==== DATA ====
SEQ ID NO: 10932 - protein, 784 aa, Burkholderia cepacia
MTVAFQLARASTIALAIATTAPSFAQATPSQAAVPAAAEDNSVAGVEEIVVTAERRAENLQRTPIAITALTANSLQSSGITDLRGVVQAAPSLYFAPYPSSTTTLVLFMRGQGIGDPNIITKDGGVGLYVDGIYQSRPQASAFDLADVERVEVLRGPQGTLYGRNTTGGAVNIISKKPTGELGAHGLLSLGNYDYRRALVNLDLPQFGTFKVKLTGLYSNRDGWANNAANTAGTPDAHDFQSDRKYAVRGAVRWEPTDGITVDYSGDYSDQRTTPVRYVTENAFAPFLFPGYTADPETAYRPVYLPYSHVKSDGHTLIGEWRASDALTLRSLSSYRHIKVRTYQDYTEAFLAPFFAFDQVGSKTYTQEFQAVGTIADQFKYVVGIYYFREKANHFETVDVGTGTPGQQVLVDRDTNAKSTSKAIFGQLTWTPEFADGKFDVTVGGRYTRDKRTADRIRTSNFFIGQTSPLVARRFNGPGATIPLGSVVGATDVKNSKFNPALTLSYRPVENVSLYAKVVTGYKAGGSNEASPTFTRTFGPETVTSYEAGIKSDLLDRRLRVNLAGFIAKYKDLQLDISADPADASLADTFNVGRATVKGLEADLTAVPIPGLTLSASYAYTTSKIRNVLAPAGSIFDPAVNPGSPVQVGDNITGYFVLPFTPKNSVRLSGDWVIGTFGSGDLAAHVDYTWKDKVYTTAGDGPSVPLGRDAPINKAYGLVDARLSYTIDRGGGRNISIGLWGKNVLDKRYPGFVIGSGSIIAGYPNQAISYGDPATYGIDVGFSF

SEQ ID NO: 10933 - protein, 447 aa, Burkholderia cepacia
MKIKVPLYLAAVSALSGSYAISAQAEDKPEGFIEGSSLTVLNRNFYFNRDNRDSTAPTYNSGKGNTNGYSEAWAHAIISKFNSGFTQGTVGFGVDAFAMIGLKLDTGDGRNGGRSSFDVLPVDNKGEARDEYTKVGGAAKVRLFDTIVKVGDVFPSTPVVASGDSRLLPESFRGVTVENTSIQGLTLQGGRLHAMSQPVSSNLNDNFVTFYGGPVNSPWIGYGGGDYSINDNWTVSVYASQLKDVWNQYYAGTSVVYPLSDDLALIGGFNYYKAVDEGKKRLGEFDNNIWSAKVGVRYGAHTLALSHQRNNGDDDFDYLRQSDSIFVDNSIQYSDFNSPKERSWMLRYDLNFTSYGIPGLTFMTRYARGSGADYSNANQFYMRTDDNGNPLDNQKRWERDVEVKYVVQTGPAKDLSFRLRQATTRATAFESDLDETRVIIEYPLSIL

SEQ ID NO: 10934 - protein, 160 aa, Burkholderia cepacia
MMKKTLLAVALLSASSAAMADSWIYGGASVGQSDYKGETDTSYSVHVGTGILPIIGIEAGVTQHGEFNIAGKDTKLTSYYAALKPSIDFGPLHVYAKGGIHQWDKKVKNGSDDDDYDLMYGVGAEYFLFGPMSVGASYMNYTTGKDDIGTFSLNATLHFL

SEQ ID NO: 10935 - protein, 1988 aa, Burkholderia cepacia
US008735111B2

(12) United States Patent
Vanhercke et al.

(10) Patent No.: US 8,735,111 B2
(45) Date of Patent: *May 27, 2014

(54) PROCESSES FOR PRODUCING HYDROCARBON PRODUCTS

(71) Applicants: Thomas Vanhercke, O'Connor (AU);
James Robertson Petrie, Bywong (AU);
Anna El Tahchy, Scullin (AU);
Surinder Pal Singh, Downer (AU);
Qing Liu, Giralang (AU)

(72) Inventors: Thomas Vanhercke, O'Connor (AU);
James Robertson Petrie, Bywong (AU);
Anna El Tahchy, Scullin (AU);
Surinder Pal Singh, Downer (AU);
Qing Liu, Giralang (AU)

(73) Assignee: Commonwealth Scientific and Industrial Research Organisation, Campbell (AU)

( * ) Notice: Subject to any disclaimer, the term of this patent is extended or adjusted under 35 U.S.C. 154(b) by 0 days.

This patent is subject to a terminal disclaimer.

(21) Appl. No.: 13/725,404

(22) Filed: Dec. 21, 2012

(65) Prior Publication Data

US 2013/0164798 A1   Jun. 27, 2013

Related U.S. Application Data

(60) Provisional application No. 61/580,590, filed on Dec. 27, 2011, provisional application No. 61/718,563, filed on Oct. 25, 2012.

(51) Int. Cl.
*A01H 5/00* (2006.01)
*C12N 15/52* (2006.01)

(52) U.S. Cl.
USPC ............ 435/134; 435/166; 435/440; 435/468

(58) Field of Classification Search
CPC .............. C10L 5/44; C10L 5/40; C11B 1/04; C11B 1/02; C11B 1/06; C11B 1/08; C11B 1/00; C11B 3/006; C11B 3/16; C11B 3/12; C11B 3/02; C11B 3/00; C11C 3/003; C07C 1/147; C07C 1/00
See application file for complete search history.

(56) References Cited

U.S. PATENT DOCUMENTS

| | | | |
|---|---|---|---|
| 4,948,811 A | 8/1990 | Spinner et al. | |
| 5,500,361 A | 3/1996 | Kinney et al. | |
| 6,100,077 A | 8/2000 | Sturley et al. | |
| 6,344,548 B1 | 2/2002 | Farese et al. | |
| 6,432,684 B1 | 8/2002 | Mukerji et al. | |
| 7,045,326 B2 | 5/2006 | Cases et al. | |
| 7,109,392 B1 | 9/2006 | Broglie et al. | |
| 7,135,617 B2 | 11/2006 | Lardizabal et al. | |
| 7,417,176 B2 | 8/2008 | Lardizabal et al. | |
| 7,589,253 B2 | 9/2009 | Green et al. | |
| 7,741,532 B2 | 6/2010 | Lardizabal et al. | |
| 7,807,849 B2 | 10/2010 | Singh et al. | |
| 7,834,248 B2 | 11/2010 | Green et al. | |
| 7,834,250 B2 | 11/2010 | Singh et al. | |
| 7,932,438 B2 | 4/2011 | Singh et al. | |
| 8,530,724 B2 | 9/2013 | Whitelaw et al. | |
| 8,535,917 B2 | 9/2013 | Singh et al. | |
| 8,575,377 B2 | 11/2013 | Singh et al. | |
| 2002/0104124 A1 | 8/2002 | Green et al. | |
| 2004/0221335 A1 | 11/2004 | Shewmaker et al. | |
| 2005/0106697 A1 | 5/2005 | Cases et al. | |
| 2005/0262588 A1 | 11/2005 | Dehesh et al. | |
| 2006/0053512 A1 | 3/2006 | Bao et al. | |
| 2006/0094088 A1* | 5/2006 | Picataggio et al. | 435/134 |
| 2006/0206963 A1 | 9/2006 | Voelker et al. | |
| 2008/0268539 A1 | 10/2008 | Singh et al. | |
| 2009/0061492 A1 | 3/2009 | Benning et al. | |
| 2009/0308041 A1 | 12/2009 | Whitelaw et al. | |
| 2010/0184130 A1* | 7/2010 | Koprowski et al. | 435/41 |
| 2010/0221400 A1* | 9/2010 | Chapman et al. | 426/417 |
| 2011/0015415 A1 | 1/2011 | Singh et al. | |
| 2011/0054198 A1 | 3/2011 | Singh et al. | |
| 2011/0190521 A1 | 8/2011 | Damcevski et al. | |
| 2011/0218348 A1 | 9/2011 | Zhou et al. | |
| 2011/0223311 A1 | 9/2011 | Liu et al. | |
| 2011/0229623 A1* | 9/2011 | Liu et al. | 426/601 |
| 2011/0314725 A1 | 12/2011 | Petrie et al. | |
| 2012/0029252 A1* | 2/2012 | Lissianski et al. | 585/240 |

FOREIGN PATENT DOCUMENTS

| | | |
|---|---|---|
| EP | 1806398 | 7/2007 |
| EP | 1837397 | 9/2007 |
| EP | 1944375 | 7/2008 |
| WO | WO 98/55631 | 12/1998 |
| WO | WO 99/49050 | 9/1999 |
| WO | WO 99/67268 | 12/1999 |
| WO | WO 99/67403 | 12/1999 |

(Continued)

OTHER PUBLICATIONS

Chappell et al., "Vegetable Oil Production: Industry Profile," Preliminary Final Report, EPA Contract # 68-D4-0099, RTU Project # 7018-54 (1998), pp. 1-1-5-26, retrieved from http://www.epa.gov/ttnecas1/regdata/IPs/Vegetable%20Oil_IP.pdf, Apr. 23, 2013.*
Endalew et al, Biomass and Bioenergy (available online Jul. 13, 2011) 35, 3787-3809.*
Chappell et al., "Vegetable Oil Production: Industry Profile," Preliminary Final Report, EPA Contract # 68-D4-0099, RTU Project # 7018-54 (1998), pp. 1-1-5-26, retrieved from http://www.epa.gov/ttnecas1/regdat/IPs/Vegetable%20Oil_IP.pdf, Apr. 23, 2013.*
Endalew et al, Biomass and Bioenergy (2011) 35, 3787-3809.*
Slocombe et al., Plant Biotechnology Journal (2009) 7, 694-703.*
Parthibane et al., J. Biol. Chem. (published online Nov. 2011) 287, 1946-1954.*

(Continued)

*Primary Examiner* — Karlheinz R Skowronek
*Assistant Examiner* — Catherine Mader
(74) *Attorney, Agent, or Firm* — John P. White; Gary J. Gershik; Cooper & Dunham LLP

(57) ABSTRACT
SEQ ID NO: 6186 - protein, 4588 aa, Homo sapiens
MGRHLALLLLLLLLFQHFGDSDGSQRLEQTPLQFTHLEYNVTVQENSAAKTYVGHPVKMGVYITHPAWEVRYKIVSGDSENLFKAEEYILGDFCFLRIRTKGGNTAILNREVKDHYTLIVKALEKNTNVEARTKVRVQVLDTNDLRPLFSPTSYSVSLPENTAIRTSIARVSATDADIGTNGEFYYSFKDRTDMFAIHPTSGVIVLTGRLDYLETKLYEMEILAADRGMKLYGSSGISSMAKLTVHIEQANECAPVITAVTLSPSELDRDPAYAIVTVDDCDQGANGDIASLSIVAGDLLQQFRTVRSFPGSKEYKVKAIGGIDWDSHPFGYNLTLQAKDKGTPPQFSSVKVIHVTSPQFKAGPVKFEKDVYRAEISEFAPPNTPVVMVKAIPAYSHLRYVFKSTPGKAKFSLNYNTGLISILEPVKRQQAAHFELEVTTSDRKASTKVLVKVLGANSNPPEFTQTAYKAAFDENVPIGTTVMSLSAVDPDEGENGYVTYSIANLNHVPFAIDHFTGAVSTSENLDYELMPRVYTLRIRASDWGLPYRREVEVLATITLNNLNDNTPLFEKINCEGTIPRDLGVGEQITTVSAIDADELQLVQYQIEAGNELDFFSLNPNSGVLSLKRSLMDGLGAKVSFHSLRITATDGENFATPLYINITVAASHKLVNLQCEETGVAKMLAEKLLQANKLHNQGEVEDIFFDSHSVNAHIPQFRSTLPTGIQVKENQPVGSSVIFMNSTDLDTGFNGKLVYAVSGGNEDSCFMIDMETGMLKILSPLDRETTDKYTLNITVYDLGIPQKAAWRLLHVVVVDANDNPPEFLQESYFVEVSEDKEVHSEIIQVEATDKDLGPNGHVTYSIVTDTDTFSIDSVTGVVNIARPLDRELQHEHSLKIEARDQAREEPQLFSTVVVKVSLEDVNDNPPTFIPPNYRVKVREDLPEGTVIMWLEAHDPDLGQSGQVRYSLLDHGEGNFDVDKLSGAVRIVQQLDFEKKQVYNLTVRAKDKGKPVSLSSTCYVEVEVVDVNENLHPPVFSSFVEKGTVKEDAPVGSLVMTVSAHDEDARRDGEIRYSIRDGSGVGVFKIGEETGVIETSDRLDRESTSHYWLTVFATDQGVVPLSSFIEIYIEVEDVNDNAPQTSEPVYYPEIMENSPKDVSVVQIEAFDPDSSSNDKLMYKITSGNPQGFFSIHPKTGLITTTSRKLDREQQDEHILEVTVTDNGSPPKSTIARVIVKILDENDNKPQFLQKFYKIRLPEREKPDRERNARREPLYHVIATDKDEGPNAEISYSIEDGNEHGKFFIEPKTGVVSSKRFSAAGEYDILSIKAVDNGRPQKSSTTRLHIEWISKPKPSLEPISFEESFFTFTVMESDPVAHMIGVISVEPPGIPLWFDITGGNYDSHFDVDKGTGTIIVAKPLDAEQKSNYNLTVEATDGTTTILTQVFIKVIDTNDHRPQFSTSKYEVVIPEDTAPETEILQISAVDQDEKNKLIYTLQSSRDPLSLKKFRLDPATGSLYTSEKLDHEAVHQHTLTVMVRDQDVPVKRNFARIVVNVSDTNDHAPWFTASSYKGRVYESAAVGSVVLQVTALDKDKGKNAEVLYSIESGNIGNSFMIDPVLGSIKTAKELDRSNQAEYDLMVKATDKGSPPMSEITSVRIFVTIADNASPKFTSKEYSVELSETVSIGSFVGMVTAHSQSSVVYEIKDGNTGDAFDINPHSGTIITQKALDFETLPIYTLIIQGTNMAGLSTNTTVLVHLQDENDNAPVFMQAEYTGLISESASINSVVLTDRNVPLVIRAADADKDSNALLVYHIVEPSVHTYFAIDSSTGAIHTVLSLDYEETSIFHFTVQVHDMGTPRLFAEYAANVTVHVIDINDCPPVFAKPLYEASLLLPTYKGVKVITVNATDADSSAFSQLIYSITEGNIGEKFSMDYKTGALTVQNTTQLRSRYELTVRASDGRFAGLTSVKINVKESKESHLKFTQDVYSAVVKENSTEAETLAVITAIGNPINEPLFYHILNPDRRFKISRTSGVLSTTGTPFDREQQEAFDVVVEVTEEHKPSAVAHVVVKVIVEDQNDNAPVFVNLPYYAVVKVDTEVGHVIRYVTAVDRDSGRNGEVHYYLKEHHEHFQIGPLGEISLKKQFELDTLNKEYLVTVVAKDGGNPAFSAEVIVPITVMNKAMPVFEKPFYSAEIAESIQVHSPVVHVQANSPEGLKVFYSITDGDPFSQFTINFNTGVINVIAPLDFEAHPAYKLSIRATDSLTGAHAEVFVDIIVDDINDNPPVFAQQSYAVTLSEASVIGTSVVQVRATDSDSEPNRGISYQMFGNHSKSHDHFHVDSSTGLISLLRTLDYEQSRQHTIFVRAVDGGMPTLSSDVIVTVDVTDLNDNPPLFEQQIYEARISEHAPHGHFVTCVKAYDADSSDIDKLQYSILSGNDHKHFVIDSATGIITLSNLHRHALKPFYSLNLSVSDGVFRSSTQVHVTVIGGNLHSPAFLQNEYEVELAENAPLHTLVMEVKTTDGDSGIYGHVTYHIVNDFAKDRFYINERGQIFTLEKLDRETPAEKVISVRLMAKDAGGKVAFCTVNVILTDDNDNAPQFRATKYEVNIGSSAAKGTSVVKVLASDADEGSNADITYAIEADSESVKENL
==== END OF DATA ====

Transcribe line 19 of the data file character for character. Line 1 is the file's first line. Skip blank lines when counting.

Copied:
(72) Inventors: Thomas Vanhercke, O'Connor (AU);